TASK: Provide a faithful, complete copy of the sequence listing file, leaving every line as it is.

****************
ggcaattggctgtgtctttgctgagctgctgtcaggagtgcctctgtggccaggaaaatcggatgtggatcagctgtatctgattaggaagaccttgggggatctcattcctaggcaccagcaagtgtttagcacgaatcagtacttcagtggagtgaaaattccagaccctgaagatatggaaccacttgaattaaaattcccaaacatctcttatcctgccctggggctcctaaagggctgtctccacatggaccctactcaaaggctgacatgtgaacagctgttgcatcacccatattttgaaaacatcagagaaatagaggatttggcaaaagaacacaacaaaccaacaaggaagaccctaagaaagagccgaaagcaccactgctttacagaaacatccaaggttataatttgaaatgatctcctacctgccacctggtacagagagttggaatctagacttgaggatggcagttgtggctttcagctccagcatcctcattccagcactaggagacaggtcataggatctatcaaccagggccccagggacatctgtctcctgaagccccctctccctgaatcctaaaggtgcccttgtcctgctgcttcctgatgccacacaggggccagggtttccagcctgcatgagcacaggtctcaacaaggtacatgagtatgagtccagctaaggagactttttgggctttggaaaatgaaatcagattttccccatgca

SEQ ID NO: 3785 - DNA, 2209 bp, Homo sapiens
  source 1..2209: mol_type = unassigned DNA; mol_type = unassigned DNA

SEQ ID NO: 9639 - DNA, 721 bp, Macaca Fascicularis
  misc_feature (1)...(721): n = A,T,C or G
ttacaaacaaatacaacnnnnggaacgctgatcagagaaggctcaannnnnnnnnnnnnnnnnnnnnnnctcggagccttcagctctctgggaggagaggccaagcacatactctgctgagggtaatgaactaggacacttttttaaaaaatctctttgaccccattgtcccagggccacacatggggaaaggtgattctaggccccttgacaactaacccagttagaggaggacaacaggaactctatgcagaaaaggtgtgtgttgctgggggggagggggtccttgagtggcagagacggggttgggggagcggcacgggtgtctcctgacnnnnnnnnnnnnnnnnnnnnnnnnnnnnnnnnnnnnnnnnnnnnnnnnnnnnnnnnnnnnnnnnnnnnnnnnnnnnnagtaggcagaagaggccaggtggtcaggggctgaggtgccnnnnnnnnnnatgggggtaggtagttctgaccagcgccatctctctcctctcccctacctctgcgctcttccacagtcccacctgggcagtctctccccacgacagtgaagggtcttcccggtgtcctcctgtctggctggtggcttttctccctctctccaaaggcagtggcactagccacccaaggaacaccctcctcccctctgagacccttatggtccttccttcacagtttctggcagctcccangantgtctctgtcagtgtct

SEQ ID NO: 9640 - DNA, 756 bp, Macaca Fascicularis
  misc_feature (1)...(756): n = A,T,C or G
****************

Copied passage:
ggcaattggctgtgtctttgctgagctgctgtcaggagtgcctctgtggccaggaaaatcggatgtggatcagctgtatctgattaggaagaccttgggggatctcattcctaggcaccagcaagtgtttagcacgaatcagtacttcagtggagtgaaaattccagaccctgaagatatggaaccacttgaattaaaattcccaaacatctcttatcctgccctggggctcctaaagggctgtctccacatggaccctactcaaaggctgacatgtgaacagctgttgcatcacccatattttgaaaacatcagagaaatagaggatttggcaaaagaacacaacaaaccaacaaggaagaccctaagaaagagccgaaagcaccactgctttacagaaacatccaaggttataatttgaaatgatctcctacctgccacctggtacagagagttggaatctagacttgaggatggcagttgtggctttcagctccagcatcctcattccagcactaggagacaggtcataggatctatcaaccagggccccagggacatctgtctcctgaagccccctctccctgaatcctaaaggtgcccttgtcctgctgcttcctgatgccacacaggggccagggtttccagcctgcatgagcacaggtctcaacaaggtacatgagtatgagtccagctaaggagactttttgggctttggaaaatgaaatcagattttccccatgca

SEQ ID NO: 3785 - DNA, 2209 bp, Homo sapiens
  source 1..2209: mol_type = unassigned DNA; mol_type = unassigned DNA

SEQ ID NO: 9639 - DNA, 721 bp, Macaca Fascicularis
  misc_feature (1)...(721): n = A,T,C or G
ttacaaacaaatacaacnnnnggaacgctgatcagagaaggctcaannnnnnnnnnnnnnnnnnnnnnnctcggagccttcagctctctgggaggagaggccaagcacatactctgctgagggtaatgaactaggacacttttttaaaaaatctctttgaccccattgtcccagggccacacatggggaaaggtgattctaggccccttgacaactaacccagttagaggaggacaacaggaactctatgcagaaaaggtgtgtgttgctgggggggagggggtccttgagtggcagagacggggttgggggagcggcacgggtgtctcctgacnnnnnnnnnnnnnnnnnnnnnnnnnnnnnnnnnnnnnnnnnnnnnnnnnnnnnnnnnnnnnnnnnnnnnnnnnnnnnagtaggcagaagaggccaggtggtcaggggctgaggtgccnnnnnnnnnnatgggggtaggtagttctgaccagcgccatctctctcctctcccctacctctgcgctcttccacagtcccacctgggcagtctctccccacgacagtgaagggtcttcccggtgtcctcctgtctggctggtggcttttctccctctctccaaaggcagtggcactagccacccaaggaacaccctcctcccctctgagacccttatggtccttccttcacagtttctggcagctcccangantgtctctgtcagtgtct

SEQ ID NO: 9640 - DNA, 756 bp, Macaca Fascicularis
  misc_feature (1)...(756): n = A,T,C or G